Keep the Trail Access info current...
Select items to indicate conditions for access to the trail.
Large Car Park
Small Car Park
Keep the Trail Features current...
Select items to indicate features found along the trail.
Prams & Strollers
Mountain Bike Trail
Historic Rail Trail
Coast & Beach
Waterfalls & Lakes
Goldfields & Mining
The Tasmanian Trail is the only long distance (480km) multi-use trail in Tasmania. The experience is recreational, cultural and nature based.
It often passes through or close to small towns, allowing travellers to visit local attractions while using as little or as much as they like and to take advantage of local accommodation, hospitality and specialist services.
It offers a variety of experiences for all - from the most experienced long-distance traveller seaking a challenge to those interested in a shorter, more relaxed excursion.
Those taking longer treks should be aware that they are likely to be faced with sudden weather changes, water crossings, varying surface conditions and steep terrain. Drinking water may be difficult to find and access to phone reception will not always be available.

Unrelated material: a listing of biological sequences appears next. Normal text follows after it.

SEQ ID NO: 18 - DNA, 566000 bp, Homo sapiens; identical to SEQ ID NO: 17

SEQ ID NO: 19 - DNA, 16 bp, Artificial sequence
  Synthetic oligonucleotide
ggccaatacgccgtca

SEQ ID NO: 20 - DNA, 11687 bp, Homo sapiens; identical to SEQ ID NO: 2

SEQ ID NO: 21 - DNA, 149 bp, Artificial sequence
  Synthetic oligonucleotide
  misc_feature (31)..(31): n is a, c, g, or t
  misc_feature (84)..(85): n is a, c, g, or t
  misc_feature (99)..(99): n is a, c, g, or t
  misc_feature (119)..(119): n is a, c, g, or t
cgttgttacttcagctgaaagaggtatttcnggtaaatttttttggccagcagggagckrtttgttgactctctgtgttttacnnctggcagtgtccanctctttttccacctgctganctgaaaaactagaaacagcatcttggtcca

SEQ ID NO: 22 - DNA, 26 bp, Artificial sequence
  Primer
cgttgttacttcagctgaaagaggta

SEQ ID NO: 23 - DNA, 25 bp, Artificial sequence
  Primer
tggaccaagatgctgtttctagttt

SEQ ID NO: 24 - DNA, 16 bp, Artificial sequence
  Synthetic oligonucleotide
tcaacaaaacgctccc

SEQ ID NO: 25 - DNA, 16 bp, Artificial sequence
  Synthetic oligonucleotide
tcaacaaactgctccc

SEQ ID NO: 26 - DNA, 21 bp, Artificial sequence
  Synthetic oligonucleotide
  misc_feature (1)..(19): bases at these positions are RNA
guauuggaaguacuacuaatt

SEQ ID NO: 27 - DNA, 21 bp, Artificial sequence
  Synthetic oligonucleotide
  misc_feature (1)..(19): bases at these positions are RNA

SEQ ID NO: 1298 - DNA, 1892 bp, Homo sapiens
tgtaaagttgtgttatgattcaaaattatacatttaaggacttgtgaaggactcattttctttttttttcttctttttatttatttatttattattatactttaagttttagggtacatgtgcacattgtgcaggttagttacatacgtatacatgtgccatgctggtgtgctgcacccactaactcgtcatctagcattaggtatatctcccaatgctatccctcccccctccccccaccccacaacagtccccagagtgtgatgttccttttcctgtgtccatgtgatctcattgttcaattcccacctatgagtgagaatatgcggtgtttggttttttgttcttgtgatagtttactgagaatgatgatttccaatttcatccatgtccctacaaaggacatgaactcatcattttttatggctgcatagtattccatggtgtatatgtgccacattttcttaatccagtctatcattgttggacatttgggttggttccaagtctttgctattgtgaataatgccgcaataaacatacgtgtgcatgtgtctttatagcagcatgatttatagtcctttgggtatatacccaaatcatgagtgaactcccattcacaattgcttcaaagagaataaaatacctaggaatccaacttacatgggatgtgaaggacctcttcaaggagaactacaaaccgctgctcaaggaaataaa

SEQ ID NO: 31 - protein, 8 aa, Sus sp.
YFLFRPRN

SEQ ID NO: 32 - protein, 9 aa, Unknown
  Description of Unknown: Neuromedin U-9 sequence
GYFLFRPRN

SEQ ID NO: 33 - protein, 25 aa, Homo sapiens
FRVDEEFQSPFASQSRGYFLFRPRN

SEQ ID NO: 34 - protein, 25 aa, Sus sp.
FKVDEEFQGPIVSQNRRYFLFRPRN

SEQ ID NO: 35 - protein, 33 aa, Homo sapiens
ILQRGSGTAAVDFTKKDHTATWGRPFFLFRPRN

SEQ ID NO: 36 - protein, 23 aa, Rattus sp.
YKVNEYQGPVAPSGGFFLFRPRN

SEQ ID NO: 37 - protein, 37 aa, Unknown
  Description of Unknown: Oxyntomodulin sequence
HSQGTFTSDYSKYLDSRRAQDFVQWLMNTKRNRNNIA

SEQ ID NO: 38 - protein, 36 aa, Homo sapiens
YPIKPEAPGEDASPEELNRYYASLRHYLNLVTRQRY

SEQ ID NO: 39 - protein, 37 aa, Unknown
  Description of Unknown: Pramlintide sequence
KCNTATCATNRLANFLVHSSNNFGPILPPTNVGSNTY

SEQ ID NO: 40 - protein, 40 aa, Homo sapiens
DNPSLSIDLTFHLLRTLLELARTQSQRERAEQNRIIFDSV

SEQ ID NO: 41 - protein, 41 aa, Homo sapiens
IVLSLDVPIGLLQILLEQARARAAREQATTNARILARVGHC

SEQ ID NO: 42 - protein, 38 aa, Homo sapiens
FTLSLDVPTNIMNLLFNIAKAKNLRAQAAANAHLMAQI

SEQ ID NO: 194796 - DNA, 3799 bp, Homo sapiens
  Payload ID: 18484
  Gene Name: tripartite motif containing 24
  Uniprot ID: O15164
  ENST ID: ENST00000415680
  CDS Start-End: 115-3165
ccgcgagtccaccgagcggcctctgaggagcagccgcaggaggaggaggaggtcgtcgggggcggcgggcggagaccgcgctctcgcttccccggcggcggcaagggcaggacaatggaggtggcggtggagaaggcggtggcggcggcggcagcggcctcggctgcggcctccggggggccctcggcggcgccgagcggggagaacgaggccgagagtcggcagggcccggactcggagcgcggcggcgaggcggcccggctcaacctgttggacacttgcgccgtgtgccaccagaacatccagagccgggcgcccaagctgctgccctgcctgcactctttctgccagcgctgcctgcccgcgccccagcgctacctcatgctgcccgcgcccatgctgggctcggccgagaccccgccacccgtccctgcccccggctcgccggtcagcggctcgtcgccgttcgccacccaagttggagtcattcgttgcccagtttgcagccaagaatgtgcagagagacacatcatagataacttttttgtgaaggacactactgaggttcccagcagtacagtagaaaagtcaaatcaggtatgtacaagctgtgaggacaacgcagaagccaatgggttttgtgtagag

The Tasmanian Trail Association manages the Trail through a volunteer structure with very active support of community groups, local government bodies and regional organisations.
Because the Trail caters for equestrians, it does not traverse National Parks. It relies on support from Forestry Tasmania, other land managers and land owners for its pathway.
The Tasmanian Trail Guidebook is an essential part of enjoying the Tasmanian Trail. It gives detailed directions and other information and should be studied before setting out.
About the region
Central Tasmania attracted settlers due to its wonderful luscious landscape and agricultural quality. The main industries in the area include beef cattle, timber milling and wool. There are several pretty historic towns that you can visit on your journey through central Tasmania, heading along the Midland Highway (also known as the Heritage Highway) from Hobart to Launceston.
- I would not recommend the Tasmanian Trail as a long distance walking route. While some shorter sections might make worthwhile walks, I would suggest this is better to be ridden rather than walked.
- Parts of the Trail are not for the inexperienced or the faint-hearted as some difficult sections will be experienced.
- The surface of the pathway is varied with most of the Trail on some form of made up road but there are sections that may be difficult where they cross virgin bush, farm land and eroded stock routes.
- If attempting the whole Trail, two rivers need to be crossed and both can be impassable after rain.
For more information visit the Tasmanian Trail website